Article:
I am pleased to introduce Giulio Coraggio, an Italian attorney in DLA Piper's Milan office, who specializes in gaming law, Internet law and technology law issues, and who writes a blog called "GamingTechLAW" (subtitled: "The Blog on Gaming and Technology Law and Whatever Sounds Interesting").
Giulio has written a series of articles for his blog dealing with the legal issues with clauses in outsourcing agreements. In particular, recently he has written a post on the importance of Intellectual Property clauses that anyone who negotiates or reviews outsourcing agreements should read.
Even though Giulio writes from an Italian law perspective, his advice also is sound for those of us who draft and negotiate these clauses in the United States. It is interesting that, despite differences in the common law and civil law legal systems, the provisions in these agreements address practically all of the same concepts and issues.
If you enjoy the post on intellectual property clauses, here are links to the other posts in the series so far:
SLA's and Penalty/Liquidated Damages Clauses
Forum Selection and Applicable Law Clauses
Tuesday, July 9, 2013
Friday, July 5, 2013
Venture capital investments in New England fell to $677 million invested in 88 companies in the first quarter of 2013, according to the MoneyTreeReport by PriceWaterhouseCoopers and the National Venture Capital Association based on data from Thomson Reuters. This represents a 22% decline from the fourth quarter of 2012.
Three of those companies are in Rhode Island, netting a total of $20,500,000. However, one long-standing biotechnology company, Nabsys, Inc., received $20,000,000 of those funds.
At the same time, investment levels across the U.S. continue to decline. Nationally, venture capitalists invested $5.9 billion in 863 deals in the first quarter. This represents a decrease of 12% in dollars and a 15% decrease in deals compared to the fourth quarter of 2012, when $6.7 billion was invested in 1,013 deals. The Software, Biotechnology and Medical Device sectors once again received the most investment dollars for the quarter. Investment in Internet companies declined, with only $1.4 billion being invested in 231 deals.
Locally, the three companies to receive investments in the first quarter of 2013 are:
Absolute Commerce, Inc., of Providence, received an early stage investment of $250,000 from the State’s Slater Technology Fund. Absolute Commerce is developing electronic procurement technology designed to speed the process of integrating suppliers’ product catalogs with buyers’ electronic resource management (ERP) computer systems.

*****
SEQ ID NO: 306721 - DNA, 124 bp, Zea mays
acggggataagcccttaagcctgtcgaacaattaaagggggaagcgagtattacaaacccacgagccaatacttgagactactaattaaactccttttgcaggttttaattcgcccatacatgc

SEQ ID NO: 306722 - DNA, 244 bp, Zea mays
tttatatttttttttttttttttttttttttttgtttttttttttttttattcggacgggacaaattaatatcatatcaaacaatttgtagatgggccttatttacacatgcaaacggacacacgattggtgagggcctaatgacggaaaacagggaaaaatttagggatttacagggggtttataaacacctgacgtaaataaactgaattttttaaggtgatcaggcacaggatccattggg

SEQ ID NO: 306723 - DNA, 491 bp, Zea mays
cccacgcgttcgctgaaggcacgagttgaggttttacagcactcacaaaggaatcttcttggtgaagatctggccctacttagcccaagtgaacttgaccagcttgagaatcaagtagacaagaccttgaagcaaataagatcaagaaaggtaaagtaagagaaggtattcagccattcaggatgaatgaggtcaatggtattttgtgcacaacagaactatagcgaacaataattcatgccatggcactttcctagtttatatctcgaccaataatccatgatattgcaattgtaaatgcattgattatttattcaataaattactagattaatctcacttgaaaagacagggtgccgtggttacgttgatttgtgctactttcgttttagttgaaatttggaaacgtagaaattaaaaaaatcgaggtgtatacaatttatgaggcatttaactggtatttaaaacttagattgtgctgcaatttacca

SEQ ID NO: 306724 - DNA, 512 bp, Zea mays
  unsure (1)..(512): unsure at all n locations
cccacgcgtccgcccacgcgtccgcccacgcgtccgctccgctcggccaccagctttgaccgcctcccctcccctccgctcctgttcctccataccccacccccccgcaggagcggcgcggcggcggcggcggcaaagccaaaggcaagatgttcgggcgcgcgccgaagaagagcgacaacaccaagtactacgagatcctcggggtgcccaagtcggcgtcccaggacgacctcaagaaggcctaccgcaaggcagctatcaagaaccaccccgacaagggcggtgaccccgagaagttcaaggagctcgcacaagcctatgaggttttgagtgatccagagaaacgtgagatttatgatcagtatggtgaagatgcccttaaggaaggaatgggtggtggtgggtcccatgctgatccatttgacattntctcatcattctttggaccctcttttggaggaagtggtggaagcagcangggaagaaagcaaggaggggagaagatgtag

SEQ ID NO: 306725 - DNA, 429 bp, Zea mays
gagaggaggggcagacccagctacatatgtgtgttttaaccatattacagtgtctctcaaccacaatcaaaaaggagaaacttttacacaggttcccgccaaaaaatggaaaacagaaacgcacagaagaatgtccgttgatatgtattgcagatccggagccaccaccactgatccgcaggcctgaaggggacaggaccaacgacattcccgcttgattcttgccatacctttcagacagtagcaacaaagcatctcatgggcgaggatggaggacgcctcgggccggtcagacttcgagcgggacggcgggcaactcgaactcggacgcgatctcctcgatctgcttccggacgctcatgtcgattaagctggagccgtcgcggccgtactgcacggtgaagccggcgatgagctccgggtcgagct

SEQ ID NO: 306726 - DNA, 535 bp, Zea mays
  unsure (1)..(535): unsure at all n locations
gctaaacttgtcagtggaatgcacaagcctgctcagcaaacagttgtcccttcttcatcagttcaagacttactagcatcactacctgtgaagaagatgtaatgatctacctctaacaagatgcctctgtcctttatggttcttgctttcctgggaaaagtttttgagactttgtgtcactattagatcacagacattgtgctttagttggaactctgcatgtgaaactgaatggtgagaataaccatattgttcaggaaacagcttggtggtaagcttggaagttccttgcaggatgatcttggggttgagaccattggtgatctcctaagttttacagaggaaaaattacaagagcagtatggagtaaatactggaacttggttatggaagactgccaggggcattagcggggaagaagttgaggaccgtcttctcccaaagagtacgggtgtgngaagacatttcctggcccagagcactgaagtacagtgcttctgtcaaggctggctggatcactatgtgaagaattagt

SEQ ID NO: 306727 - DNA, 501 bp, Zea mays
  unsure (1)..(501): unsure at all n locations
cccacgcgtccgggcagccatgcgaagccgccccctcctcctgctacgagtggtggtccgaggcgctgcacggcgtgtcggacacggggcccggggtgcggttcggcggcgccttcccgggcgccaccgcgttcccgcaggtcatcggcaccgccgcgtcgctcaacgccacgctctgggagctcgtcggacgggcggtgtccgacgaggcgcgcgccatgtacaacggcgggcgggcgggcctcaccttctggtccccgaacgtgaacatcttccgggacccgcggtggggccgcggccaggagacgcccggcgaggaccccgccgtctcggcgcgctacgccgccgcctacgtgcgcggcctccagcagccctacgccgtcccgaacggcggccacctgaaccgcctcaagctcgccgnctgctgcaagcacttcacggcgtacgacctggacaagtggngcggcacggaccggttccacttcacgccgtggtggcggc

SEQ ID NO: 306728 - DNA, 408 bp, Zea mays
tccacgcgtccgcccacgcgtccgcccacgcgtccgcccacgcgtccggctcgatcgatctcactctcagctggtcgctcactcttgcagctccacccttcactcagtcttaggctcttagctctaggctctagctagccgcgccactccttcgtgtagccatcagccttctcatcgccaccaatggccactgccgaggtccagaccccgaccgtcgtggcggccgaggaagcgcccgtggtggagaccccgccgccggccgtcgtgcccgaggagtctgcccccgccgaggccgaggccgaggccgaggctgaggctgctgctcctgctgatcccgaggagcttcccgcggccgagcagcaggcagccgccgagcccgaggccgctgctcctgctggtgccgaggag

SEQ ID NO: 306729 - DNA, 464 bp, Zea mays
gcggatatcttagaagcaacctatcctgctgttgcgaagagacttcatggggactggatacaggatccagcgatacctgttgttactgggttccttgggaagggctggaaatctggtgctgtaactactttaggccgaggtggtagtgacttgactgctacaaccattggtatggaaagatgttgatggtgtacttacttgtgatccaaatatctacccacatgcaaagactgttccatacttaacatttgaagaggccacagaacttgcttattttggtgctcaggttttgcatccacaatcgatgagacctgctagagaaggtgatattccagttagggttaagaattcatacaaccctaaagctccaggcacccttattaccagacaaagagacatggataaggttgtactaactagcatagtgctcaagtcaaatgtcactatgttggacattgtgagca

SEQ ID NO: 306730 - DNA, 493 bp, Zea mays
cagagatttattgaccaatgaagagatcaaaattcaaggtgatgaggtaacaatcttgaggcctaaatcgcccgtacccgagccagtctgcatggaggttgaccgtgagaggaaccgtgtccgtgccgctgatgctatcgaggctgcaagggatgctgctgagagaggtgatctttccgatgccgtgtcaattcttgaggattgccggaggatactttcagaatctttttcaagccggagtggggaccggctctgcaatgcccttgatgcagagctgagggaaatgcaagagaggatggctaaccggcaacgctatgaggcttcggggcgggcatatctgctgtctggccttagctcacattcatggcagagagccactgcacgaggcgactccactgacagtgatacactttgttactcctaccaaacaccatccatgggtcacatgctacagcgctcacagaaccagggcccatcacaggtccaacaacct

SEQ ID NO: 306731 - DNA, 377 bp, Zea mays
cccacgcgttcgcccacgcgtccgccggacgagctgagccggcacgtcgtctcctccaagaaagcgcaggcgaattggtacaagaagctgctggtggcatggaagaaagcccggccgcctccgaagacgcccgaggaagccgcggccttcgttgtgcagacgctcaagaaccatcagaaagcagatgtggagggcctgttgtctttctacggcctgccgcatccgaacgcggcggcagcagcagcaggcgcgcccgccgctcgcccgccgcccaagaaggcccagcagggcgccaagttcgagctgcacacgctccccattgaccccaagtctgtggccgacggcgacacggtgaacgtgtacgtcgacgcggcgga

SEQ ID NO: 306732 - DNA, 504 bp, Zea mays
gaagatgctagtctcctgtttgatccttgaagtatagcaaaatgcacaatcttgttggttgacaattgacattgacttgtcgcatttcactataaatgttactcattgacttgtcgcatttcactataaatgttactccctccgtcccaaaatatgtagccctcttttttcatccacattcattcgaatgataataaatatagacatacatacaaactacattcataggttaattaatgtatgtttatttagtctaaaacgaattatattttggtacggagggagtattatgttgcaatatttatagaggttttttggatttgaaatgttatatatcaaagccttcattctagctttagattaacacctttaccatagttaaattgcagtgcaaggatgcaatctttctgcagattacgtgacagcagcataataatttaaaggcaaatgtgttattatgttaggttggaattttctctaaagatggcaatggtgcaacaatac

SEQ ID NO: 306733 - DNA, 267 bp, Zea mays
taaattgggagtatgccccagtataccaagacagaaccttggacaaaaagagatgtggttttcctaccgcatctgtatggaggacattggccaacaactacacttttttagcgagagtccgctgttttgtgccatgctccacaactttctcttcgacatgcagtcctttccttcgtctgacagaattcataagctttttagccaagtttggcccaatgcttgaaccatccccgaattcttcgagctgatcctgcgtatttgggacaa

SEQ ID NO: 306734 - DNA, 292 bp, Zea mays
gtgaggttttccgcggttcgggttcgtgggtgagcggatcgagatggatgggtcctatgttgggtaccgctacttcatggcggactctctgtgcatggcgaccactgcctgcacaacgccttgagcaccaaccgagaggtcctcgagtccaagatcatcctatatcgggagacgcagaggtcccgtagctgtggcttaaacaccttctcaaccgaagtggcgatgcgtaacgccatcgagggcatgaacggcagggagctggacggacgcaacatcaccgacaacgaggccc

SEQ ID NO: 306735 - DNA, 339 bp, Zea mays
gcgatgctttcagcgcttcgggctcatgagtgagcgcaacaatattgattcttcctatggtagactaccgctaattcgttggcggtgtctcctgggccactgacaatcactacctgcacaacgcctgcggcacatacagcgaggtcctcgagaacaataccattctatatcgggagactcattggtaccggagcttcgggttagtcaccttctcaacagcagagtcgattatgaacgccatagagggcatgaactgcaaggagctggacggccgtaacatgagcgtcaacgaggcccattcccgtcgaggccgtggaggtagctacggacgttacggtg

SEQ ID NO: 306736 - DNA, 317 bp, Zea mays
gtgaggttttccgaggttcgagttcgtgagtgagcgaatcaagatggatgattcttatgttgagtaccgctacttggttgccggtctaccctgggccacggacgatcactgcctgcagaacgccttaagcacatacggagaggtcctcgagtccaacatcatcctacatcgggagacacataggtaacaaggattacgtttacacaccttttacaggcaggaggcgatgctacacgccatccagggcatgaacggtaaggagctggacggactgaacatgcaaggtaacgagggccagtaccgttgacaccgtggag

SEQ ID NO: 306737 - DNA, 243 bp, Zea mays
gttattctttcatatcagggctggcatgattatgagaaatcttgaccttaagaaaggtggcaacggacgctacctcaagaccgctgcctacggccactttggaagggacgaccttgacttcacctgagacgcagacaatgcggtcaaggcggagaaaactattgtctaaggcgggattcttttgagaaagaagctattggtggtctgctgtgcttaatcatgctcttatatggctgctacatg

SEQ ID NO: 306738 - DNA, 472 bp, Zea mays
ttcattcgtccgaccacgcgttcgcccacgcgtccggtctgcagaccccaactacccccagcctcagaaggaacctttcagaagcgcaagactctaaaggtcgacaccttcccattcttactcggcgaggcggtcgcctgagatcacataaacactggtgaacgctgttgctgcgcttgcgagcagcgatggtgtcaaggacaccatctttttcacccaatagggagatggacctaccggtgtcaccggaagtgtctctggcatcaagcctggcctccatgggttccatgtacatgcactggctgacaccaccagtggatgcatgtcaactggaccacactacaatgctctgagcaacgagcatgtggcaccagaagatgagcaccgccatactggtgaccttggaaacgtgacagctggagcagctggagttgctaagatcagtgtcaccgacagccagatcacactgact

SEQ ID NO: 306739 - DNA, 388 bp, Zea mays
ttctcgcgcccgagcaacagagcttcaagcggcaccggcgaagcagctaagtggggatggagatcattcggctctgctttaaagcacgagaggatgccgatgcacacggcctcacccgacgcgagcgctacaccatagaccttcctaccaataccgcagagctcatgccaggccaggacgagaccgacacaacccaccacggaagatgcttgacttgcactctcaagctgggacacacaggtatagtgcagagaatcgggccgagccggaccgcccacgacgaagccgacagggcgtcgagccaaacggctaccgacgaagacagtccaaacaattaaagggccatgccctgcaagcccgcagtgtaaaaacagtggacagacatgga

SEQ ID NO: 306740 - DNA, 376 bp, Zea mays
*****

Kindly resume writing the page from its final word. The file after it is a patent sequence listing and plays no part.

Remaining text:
Care Thread, Inc. (formerly called Consano Inc.), of Providence, also received a $250,000 early stage investment from the Slater Fund. Care Thread delivers a HIPAA-compliant mobile messaging solution that provides every member of a patient’s health care team with real-time information detailing a patient’s status and treatment.
Nabsys,Inc., of Providence, closed a $20,000,000 Series D follow on investment in March. The financing was led by new investor from Bay City City Capital, with participation from existing investors, including Point Judith Capital and Stat Venture Partners. The money will be used to support the commercial launch of the company’s positional sequencing platform used in DNA analysis, genome mapping and genome sequencing.
Tuesday, July 2, 2013
There were 10 new intellectual property (patent, trademark and copyright) case filings in the first six months of 2013 at the U.S. District Court for Rhode Island, 6 filings in June alone! This is a 150% increase over the number of IP cases filings for the first six months of 2012, and an 11% increase over the number of IP case filings for the first 6 months of 2011.
Overall, patent filings lead the way so far in 2013, with 6 new case filings. There have also been 2 new trademark case filings, and 3 new copyright case filings. Some of these filings will be highlighted in upcoming blog posts, where we will see if we can determine any reasons for the uptick in filings in the Ocean State.
These numbers only include cases that have been designated in the court's database as a patent, trademark or copyright case. There are other cases pending where the complaint may include trademark or other intellectual property claims, or where intellectual property counterclaims may have been asserted. But unless the case is designated as such in the court's database, we are not counting it here.